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       init_module, finit_module - load a kernel module


       int init_module(void *module_image, unsigned long len,
                       const char *param_values);

       int finit_module(int fd, const char *param_values,
                        int flags);

       Note: glibc provides no header file declaration of init_module() and no
       wrapper function for finit_module(); see NOTES.


       init_module() loads an  ELF  image  into  kernel  space,  performs  any
       necessary  symbol  relocations, initializes module parameters to values
       provided by the caller, and then runs the module's init function.  This
       system call requires privilege.

       The  module_image  argument  points  to  a buffer containing the binary
       image to be loaded; len specifies the size of that buffer.  The  module
       image should be a valid ELF image, built for the running kernel.

       The  param_values  argument  is  a  string  containing  space-delimited
       specifications of the values for module parameters (defined inside  the
       module  using  module_param()  and  module_param_array()).   The kernel
       parses this string and initializes the specified parameters.   Each  of
       the parameter specifications has the form:


       The  parameter  name  is  one  of those defined within the module using
       module_param()    (see     the     Linux     kernel     source     file
       include/linux/moduleparam.h).   The  parameter value is optional in the
       case of bool and invbool parameters.  Values for array  parameters  are
       specified as a comma-separated list.

       The  finit_module()  system  call  is like init_module(), but reads the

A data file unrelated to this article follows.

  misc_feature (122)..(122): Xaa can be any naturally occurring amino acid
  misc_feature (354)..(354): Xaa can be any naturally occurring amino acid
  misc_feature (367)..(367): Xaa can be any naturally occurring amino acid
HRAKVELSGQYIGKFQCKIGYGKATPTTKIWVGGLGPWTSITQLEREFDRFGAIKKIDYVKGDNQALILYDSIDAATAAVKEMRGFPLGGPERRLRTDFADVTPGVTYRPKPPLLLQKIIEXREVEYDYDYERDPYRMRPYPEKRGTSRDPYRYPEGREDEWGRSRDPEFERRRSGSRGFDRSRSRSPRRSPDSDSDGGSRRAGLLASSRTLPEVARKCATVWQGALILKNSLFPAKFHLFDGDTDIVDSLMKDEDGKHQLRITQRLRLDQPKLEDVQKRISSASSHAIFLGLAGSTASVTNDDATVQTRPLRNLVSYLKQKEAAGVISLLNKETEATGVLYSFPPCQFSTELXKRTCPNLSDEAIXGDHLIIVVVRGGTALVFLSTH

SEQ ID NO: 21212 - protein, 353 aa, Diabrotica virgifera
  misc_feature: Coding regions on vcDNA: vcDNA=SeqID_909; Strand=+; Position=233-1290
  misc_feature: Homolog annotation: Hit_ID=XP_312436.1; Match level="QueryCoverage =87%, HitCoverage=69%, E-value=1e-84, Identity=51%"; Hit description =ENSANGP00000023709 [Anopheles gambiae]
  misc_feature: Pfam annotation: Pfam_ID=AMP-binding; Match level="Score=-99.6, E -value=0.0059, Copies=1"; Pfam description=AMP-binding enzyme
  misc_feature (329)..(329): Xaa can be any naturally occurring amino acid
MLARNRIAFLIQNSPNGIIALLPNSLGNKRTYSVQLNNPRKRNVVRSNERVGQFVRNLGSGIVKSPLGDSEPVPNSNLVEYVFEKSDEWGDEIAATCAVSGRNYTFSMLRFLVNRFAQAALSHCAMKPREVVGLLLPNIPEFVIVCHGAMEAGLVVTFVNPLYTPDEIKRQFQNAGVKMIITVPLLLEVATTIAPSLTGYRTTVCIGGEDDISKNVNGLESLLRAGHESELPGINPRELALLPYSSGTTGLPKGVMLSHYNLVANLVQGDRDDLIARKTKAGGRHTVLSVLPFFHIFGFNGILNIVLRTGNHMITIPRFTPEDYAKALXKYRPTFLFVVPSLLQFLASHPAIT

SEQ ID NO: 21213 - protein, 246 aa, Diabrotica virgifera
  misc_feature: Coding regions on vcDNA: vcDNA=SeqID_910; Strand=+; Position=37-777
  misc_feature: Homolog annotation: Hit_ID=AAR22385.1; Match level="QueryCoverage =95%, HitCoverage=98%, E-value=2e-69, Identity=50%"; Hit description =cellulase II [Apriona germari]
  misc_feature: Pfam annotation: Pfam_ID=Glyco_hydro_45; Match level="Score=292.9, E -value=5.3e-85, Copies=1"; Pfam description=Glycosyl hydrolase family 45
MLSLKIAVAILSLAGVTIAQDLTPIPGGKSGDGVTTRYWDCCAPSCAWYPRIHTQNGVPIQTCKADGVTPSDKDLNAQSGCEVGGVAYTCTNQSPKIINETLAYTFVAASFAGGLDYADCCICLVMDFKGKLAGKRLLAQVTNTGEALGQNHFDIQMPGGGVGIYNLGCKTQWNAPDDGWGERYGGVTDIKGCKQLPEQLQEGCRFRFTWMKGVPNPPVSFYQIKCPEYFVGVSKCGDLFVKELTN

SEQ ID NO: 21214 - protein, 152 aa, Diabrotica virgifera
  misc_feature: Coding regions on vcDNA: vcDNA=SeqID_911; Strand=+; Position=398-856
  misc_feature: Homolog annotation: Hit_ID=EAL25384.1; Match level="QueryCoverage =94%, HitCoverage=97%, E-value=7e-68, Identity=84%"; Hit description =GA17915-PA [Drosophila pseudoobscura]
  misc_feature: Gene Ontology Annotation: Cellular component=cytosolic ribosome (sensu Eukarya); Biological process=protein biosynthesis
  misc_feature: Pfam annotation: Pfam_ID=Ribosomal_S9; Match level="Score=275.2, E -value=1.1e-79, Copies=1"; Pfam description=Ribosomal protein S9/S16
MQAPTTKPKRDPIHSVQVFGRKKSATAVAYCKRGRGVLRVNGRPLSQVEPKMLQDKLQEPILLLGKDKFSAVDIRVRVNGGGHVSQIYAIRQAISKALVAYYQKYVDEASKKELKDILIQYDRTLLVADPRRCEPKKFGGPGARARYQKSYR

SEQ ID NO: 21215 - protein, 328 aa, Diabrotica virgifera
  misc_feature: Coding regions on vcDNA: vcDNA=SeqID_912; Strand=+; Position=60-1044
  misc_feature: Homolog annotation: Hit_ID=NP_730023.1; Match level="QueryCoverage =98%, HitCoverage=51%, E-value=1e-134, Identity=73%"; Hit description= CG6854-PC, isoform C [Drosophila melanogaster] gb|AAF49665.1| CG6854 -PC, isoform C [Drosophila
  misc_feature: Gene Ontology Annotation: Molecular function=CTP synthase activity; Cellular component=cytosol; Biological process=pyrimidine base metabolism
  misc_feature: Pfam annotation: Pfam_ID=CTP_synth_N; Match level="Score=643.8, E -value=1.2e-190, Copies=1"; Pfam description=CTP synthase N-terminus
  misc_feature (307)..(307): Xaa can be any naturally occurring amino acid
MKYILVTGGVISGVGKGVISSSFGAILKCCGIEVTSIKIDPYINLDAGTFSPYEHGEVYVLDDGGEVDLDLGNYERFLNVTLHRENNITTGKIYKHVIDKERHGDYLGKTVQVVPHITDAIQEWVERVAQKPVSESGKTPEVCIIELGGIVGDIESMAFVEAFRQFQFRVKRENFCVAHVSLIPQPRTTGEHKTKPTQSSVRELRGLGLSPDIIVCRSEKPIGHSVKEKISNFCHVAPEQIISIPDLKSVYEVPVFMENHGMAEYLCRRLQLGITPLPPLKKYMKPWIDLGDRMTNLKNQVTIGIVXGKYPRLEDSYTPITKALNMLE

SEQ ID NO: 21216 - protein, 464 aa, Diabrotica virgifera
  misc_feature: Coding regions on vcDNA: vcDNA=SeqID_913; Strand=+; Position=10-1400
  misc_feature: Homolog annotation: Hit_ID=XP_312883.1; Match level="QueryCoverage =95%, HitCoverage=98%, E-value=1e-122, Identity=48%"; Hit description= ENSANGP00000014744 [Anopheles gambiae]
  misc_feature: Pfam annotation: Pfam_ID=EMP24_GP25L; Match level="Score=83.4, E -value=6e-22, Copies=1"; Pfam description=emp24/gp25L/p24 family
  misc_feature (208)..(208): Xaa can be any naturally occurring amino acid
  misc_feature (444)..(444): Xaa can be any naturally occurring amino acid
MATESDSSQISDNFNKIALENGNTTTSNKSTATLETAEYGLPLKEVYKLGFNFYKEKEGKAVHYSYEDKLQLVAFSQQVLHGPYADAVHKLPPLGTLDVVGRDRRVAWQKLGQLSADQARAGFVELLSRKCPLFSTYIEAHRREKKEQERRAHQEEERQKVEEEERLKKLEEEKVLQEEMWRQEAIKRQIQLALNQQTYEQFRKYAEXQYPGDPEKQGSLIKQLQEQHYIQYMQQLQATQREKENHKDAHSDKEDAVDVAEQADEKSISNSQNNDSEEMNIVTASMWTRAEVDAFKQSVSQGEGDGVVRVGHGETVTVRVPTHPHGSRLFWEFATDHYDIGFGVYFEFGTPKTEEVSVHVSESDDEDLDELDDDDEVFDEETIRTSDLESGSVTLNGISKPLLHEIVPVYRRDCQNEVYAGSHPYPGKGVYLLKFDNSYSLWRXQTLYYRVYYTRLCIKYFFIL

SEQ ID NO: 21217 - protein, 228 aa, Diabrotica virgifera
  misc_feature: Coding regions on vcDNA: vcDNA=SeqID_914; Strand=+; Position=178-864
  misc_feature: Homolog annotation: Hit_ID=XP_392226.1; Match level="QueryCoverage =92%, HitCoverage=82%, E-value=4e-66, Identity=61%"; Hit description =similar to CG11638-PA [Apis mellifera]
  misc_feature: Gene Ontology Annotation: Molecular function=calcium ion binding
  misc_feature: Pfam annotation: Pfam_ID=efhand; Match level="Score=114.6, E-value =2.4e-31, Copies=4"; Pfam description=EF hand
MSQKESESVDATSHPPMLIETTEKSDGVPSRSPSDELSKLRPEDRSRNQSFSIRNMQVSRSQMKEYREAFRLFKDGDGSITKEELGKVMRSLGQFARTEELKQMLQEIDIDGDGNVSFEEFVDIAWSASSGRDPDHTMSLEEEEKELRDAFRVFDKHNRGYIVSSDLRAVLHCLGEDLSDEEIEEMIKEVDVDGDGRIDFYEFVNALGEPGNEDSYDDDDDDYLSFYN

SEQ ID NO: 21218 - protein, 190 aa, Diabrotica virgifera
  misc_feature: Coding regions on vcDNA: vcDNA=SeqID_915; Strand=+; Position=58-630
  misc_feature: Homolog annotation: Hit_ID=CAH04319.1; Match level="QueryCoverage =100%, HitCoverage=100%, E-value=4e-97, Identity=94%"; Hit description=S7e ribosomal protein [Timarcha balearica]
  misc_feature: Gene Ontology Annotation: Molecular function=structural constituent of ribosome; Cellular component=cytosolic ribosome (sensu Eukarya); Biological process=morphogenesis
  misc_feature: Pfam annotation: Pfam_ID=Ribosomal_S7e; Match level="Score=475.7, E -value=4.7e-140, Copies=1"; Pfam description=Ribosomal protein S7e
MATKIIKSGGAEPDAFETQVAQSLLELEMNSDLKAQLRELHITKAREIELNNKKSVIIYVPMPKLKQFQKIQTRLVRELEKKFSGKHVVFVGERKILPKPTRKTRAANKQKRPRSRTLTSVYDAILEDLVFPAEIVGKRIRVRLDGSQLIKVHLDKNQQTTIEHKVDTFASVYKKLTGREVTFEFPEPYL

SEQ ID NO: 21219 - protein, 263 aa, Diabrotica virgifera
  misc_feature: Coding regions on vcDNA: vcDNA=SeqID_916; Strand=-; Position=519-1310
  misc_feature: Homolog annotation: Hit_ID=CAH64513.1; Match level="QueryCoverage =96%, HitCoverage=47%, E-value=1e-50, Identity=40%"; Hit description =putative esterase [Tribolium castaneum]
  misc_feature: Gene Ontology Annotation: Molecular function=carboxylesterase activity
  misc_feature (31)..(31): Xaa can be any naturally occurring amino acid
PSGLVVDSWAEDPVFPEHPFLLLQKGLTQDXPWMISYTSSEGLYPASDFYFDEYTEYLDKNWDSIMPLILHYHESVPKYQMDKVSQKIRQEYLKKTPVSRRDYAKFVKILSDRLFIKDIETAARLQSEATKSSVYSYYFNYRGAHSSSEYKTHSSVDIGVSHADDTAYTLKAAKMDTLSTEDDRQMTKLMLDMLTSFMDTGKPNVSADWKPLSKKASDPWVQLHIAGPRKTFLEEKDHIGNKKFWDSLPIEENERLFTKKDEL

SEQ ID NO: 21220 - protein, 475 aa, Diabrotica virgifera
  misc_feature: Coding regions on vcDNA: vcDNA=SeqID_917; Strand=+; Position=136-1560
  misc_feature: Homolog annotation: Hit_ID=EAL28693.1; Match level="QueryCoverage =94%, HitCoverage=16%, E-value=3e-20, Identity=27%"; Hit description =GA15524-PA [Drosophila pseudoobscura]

module to be loaded from the file descriptor fd.  It is useful when the
       authenticity  of a kernel module can be determined from its location in
       the filesystem; in cases where that is possible, the overhead of  using
       cryptographically  signed  modules  to  determine the authenticity of a
       module  can  be  avoided.   The  param_values  argument   is   as   for

       The  flags  argument modifies the operation of finit_module().  It is a
       bit mask value created by ORing together zero or more of the  following

              Ignore symbol version hashes.

              Ignore kernel version magic.

       There  are  some  safety  checks  built into a module to ensure that it
       matches the kernel against  which  it  is  loaded.   These  checks  are
       recorded  when  the  module  is  built  and verified when the module is
       loaded.  First, the module records a "vermagic" string  containing  the
       kernel  version  number  and prominent features (such as the CPU type).
       Second,  if  the  module  was   built   with   the   CONFIG_MODVERSIONS
       configuration  option  enabled,  a  version  hash  is recorded for each
       symbol the module uses.  This  hash  is  based  on  the  types  of  the
       arguments  and  return  value for the function named by the symbol.  In
       this case, the kernel version number within the  "vermagic"  string  is
       ignored,  as  the  symbol version hashes are assumed to be sufficiently

       Using  the  MODULE_INIT_IGNORE_VERMAGIC   flag   indicates   that   the
       "vermagic"     string     is     to     be     ignored,     and     the
       MODULE_INIT_IGNORE_MODVERSIONS flag indicates that the  symbol  version
       hashes  are  to  be  ignored.   If the kernel is built to permit forced
       loading (i.e., configured with CONFIG_MODULE_FORCE_LOAD), then  loading
       will  continue,  otherwise  it  will  fail with ENOEXEC as expected for
       malformed modules.


       On success, these system calls return 0.  On error, -1 is returned  and
       errno is set appropriately.


       EBADMSG (since Linux 3.7)
              Module signature is misformatted.

       EBUSY  Timeout  while  trying  to  resolve  a  symbol reference by this

       EFAULT An address argument referred to a location that is  outside  the
              process's accessible address space.

       ENOKEY (since Linux 3.7)
              Module  signature  is  invalid or the kernel does not have a key
              for this module.  This error is returned only if the kernel  was